Listen to NPR Stories Online

Genealogy has become a massive industry, from websites like Ancestry.com to TV shows like Who Do You Think You Are? But those focus on family lineage. What about the heirlooms and stories that fill the history of a family tree? A North Carolina business is trying to help.

In Newtown, Conn., demolition work has started at the Sandy Hook Elementary School. Bricks will be pulverized, steel melted down, and workers must sign agreements forbidding any public discussion of the site. Last year, a shooting there left six adults and 20 students dead.

Kenyans who received money with no strings attached started businesses and bought food for their kids, according to a new study. They didn't spend it on alcohol or cigarettes.

Some clinics say they can't comply with a Texas law set to go into effect next week. It adds building requirements for clinics and places more rules on doctors who perform abortions. Laws like the one in Texas have passed in more than a dozen states.

In Portland, Ore., doctors and patients get to the Oregon Health and Science University not by a twisty, two-lane road up Marquam Hill, but by a gleaming silver gondola. The aerial tram has cut the commute from up to 45 minutes to a three-minute ride in the sky.

For years, many police departments have dealt with child prostitutes by putting them in juvenile detention centers. But federal agencies say that minors are often sex trafficking victims in need of help — and who can, in turn, help put their pimps in jail.

We used the testimonies of the biggest contractors involved with the HealthCare.gov application system to create this guide to how the site's various parts work together, and how the complex system for registering you for health insurance is supposed to work.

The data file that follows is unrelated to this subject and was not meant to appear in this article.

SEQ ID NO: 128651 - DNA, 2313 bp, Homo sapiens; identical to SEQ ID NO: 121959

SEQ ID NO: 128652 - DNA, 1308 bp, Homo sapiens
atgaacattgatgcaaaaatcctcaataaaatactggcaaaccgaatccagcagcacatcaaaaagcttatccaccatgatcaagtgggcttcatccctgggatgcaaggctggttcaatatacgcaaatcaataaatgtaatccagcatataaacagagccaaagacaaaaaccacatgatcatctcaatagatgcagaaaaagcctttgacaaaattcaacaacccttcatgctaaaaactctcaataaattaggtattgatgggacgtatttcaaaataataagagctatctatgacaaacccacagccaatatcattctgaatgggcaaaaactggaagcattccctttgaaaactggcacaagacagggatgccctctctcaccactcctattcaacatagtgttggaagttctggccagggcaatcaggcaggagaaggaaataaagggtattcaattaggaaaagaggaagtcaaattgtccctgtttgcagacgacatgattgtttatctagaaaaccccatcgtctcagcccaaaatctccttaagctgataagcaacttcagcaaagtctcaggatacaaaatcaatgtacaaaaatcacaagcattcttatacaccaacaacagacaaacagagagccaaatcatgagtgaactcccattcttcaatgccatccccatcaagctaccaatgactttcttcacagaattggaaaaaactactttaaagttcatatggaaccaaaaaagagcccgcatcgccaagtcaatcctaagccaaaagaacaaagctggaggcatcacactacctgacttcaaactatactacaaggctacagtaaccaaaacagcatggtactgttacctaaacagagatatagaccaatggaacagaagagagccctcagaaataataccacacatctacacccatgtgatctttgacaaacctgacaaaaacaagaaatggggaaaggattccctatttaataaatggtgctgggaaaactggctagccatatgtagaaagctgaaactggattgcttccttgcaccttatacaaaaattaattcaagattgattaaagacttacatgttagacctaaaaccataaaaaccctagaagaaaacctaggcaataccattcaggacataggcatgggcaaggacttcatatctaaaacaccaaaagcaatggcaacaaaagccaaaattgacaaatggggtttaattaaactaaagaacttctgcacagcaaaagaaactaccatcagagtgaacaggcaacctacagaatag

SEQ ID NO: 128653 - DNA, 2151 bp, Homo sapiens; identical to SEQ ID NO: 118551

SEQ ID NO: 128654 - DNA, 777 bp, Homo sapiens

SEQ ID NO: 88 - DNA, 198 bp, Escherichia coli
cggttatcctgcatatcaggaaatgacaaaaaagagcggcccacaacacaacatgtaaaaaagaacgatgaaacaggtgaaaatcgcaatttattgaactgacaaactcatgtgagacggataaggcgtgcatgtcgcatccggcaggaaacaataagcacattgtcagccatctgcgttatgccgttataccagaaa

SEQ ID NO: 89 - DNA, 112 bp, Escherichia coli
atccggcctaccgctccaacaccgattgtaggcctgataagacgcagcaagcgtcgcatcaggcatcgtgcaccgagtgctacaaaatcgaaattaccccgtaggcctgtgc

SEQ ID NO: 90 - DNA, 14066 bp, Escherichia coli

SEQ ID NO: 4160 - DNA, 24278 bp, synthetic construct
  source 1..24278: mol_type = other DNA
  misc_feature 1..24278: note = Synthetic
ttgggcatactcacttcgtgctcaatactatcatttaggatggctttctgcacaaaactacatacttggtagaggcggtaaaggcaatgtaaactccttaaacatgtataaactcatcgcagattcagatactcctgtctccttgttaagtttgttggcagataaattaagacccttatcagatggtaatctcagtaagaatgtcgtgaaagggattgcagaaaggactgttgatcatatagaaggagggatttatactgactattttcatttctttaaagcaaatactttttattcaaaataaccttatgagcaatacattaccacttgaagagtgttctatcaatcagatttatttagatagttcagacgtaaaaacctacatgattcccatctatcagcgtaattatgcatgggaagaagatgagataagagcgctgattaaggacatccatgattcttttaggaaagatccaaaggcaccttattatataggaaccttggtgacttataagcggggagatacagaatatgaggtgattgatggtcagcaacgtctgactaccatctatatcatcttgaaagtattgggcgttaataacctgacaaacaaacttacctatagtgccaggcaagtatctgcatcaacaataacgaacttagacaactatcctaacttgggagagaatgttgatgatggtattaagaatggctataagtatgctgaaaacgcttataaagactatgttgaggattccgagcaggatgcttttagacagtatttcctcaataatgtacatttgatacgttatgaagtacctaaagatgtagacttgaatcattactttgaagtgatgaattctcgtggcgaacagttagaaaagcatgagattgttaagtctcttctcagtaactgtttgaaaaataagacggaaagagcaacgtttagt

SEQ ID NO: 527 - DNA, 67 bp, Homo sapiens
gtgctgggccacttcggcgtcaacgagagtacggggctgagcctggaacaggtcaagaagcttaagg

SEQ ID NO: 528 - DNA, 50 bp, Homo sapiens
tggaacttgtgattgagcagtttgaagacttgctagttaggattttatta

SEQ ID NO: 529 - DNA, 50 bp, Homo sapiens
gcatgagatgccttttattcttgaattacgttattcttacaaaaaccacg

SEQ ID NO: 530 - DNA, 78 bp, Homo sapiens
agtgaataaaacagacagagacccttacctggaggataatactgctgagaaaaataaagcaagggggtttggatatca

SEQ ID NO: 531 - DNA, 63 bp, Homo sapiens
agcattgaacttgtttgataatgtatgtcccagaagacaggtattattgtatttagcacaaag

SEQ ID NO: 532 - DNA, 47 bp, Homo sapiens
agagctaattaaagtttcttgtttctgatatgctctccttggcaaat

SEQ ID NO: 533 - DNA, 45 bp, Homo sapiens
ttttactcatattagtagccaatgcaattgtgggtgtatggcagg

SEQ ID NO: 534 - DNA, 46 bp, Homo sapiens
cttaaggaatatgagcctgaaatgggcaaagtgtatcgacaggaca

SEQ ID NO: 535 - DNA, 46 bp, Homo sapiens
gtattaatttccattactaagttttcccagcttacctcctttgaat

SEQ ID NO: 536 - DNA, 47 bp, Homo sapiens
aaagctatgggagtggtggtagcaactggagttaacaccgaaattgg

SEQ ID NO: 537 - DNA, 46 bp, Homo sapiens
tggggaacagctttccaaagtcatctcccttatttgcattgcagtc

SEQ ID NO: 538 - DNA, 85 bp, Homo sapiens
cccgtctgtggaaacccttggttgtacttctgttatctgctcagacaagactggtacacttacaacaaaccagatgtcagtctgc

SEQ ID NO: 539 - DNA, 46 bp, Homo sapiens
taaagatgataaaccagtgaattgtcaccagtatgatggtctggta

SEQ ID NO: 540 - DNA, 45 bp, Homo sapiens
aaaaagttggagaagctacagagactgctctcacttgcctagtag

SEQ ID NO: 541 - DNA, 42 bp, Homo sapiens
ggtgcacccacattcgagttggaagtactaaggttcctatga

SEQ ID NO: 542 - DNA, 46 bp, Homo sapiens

The "great recession" may be over, but that doesn't mean that most Americans have access to the opportunities that they used to. Host Michel Martin hears from listeners about how the lack of social and physical mobility is limiting their economic prospects. She discusses the issue with Richard Reeves, a fellow of economic studies at the Brookings Institution.

U.S. Health and Human Services Secretary Kathleen Sebelius is feeling the heat because of all the technical problems with the new health exchange websites. For more on possible fixes, and what it all means for Americans seeking coverage, host Michel Martin talks to Mary Agnes Carey of Kaiser Health News.

Republicans are framing their central question about the troubled Affordable Care Act website this way: Are White House officials clueless or are they liars? A Democratic lawmaker, meanwhile, accuses the GOP of holding a "monkey court."

Pages

©2014 WLRH PUBLIC RADIO

Address

WLRH Public Radio
UAH Campus
John Wright Drive
Huntsville, AL 35899

Get Directions

Phone

LOCAL:
(256) 895-9574

TOLL-FREE:
(800) 239-9574